Issue No. 04 - Oct.-Dec. (2012 vol. 19)
DOI Bookmark: http://doi.ieeecomputersociety.org/10.1109/MMUL.2012.49
John R. Smith , IBM Research
Multimedia has been one of the fastest-growing, most dynamic fields of computer science. With the unrelenting flood of multimedia data and applications, the technical challenges keep coming. At the core are difficult and intriguing challenges across networking, information retrieval, content recognition, content protection, data management, and more. But while the field continues to take on new problems, what has happened with the old problems? To gain some insight, I counted the number of published articles on various multimedia topics during the 2001–2011 period by searching Google Scholar. Figure 1 shows the topics and search result counts.
The early days of multimedia laid out much of the scaffolding around which the field is still built. One of the first topics was video on demand, which in the late 1980s was envisaged as a futuristic broadband service enabled by high-bandwidth fiber optic cabling to homes. W. David Sincoskie described video on demand as a service "provided from a centralized location over a digital network … similar to the currently popular videotape rental services." 1 He divided the problem into two parts: communications and database access. Although he claimed that the communications challenge could be addressed with sufficient bandwidth, he predicted that the database access problem could take up to 10 years solve.
What followed was a flood of work on video compression, video data management, video servers, networking, and communication that have made video on demand routine today. Although research still continues today, beginning in 2008, there has been a year-over-year decrease in the number of video on demand technical articles, as Figure 2 shows. Since video on demand is one of the genuine successes in multimedia, this most likely indicates that many of the technical challenges have indeed been solved.
However, other notable multimedia topics have not been as successful. Face recognition is one such example. The basic face recognition problem was addressed as far back as the 1970s with Takeo Kanade's thesis on computer processing for recognizing human faces, for which he processed 800 photographs and conducted experiments involving the identification of 20 people. 2 The next notable highlight did not come for another two decades with Matthew A. Turk and Alex P. Pentland's appearance-based holistic approach based on eigenfaces. 3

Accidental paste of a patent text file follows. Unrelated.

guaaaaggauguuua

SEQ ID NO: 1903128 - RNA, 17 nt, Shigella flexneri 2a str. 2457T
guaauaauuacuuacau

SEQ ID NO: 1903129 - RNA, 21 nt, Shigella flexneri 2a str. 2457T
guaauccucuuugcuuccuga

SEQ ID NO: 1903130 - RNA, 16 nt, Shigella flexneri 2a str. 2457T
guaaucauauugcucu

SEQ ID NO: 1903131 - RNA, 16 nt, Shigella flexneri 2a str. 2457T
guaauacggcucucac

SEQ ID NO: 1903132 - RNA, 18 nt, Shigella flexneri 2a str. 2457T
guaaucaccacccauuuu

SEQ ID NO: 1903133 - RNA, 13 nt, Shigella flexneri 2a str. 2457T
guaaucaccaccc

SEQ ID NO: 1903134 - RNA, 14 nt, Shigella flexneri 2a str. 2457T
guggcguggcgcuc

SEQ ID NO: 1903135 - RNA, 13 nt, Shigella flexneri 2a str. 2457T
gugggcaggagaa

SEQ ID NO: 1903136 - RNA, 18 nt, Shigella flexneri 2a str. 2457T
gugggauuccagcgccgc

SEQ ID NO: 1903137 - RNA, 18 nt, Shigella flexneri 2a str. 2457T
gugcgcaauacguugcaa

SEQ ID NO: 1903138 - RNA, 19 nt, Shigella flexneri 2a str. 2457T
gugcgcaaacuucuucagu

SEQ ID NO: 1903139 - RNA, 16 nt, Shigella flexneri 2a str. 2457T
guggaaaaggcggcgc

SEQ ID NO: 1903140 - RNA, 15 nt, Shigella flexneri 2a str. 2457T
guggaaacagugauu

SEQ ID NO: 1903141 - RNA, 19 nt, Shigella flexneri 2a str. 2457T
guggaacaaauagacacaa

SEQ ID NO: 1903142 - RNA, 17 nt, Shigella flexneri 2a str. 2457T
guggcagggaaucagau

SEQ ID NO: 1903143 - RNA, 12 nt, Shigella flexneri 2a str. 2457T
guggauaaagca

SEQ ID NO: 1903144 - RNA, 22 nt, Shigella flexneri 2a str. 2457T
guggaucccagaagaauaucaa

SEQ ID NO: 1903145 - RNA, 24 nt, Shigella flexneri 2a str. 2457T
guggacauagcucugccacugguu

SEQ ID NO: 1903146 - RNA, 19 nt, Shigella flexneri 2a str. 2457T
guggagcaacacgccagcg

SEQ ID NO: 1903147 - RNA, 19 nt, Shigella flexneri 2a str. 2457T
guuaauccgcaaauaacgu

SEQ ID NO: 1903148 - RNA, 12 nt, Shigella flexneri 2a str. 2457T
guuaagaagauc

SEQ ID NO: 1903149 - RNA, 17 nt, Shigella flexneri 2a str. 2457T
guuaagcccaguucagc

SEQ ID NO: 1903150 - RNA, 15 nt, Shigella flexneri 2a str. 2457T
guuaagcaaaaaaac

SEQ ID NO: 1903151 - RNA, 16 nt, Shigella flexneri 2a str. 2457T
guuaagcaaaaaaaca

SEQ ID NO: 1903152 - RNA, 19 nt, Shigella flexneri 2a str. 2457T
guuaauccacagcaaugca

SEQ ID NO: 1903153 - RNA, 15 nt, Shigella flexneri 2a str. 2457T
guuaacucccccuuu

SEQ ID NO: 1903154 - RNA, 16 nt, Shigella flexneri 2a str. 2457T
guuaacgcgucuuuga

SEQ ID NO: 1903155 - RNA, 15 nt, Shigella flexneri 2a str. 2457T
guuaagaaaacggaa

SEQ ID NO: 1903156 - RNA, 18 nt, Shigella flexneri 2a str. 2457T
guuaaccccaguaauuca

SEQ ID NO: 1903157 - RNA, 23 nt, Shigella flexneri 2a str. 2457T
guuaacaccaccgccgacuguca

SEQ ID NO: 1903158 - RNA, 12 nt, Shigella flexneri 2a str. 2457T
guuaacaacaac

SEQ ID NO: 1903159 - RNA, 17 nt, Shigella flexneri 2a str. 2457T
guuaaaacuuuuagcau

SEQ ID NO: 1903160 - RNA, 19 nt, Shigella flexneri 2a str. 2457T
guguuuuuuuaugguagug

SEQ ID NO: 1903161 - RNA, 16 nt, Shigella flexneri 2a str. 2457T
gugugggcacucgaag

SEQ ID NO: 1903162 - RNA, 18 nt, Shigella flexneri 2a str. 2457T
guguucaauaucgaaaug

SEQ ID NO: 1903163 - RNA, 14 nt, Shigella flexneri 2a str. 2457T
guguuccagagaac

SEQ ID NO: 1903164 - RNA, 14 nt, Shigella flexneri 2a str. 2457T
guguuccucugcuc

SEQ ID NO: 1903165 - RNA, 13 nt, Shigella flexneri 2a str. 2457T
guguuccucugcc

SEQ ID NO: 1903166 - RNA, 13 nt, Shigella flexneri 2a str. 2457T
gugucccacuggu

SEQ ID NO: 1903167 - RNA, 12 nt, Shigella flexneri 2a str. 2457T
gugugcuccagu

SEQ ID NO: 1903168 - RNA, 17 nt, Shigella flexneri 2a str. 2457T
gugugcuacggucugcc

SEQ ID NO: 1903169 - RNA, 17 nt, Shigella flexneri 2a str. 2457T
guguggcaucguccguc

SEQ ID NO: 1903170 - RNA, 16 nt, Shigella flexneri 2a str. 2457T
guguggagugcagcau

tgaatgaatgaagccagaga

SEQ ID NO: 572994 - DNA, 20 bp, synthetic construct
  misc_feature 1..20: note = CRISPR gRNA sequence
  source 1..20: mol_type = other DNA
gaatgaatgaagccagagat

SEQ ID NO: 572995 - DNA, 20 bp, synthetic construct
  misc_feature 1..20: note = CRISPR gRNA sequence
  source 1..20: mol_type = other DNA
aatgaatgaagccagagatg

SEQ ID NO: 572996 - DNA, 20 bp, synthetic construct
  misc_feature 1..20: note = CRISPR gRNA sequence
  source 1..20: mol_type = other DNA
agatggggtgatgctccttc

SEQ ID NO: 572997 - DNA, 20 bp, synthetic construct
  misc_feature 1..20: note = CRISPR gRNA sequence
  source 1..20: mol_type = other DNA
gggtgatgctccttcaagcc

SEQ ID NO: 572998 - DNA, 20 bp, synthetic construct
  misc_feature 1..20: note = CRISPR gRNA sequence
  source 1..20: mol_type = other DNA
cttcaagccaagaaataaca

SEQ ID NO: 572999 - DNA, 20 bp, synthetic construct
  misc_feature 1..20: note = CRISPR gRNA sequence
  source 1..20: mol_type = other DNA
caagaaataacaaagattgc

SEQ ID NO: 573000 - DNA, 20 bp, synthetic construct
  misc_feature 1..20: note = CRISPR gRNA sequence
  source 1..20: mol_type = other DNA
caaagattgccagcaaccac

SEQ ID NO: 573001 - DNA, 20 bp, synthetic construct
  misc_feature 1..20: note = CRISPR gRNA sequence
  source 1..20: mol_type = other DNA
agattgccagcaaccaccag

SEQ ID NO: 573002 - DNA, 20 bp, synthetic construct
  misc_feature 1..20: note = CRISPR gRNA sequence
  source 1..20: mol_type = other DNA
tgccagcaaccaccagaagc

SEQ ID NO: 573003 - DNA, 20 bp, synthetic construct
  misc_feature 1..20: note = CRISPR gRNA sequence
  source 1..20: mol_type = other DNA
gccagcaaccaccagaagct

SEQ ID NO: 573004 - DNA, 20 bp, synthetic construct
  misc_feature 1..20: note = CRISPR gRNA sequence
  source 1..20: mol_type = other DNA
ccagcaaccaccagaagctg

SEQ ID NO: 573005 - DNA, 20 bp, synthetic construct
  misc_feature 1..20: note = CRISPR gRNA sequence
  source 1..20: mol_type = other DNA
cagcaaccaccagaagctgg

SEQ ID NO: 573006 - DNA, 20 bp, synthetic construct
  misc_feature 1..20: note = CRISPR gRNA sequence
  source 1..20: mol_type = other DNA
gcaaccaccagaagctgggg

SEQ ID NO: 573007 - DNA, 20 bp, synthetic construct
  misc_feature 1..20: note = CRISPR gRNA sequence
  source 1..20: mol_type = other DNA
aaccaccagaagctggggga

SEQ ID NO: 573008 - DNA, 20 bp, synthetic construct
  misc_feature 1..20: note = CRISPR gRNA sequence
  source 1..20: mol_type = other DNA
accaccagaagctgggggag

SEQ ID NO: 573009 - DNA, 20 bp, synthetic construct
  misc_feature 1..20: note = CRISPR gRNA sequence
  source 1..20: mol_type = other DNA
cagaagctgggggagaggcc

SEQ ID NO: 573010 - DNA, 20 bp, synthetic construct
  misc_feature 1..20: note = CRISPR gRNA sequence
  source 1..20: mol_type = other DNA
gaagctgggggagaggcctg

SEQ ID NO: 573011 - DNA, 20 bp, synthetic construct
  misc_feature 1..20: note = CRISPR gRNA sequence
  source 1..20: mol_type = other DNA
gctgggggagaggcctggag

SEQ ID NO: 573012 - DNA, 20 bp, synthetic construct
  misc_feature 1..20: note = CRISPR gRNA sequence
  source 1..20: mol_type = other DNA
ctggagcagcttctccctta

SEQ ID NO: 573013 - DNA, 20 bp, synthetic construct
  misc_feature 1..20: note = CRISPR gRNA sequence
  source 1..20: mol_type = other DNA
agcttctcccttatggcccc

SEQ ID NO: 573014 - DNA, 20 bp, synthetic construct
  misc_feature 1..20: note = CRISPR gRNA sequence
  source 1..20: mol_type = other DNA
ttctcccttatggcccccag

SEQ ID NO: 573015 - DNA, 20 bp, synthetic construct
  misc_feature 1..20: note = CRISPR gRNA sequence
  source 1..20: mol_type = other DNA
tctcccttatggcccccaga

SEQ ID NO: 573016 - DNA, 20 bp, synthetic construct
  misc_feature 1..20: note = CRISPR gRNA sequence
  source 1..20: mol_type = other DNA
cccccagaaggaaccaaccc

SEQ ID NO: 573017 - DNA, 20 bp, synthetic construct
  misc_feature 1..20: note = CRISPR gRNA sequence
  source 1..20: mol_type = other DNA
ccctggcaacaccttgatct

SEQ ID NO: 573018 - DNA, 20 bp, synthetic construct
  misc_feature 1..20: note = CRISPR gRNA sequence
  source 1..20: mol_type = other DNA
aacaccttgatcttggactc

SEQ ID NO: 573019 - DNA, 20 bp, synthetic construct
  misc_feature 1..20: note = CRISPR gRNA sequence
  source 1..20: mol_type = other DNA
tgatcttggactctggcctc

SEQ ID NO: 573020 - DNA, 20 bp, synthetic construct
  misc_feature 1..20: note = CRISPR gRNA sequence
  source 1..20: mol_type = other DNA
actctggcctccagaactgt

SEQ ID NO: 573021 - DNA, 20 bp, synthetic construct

Although face recognition has been the subject of substantial work since then, there has been a marked decline in the number of new face recognition technical papers since 2008 (see Figure 2). A similar situation can be seen with another computer vision challenge: object tracking and detection. Yet, no one can conclude that face recognition or object tracking and detection are solved problems today. Rather, the decreasing focus might reflect fatigue. Or, it could be that researchers have been regrouping for the next big two-decade breakthrough!
There are many other topics that produced bursts of activity. MPEG-7 resulted a notable period of research that roughly tracked the work of the MPEG standards body, as can be seen in Figure 2. When the MPEG-7 standard was finalized around 2004, the rate of technical articles began to slow. Although this decrease can be expected, it is intriguing that there are still many new MPEG-7 papers today. This could mean that the underlying problems are yet to be solved. Indeed, today we still have no standard metadata scheme for multimedia data.
Many long-standing multimedia topics are still gaining focus, as Figure 3 shows, including content-based retrieval, video surveillance, multimedia semantics, and event detection. Major breakthroughs are still needed to solve these problems, but the research community is still finding ways to make progress. Interestingly, shot detection is finding increasing focus. The research community thought that the underlying technical challenge—to automatically detect camera breaks in video—had been solved. However, newer versions of the problem have appeared in the context of today's unconstrained online video that is not professionally edited.
A few, fast-growing multimedia topics don't have a long track record. Figure 3 shows that social media and multimedia crowdsourcing are growing at a tremendous rate. Both reflect the recent interest in on-line social networks and are good examples of how multimedia is still finding a central role despite the many problems gone by.
John R. Smith is a senior manager of Intelligent Information Management at IBM T.J. Watson Research Center. Contact him at email@example.com.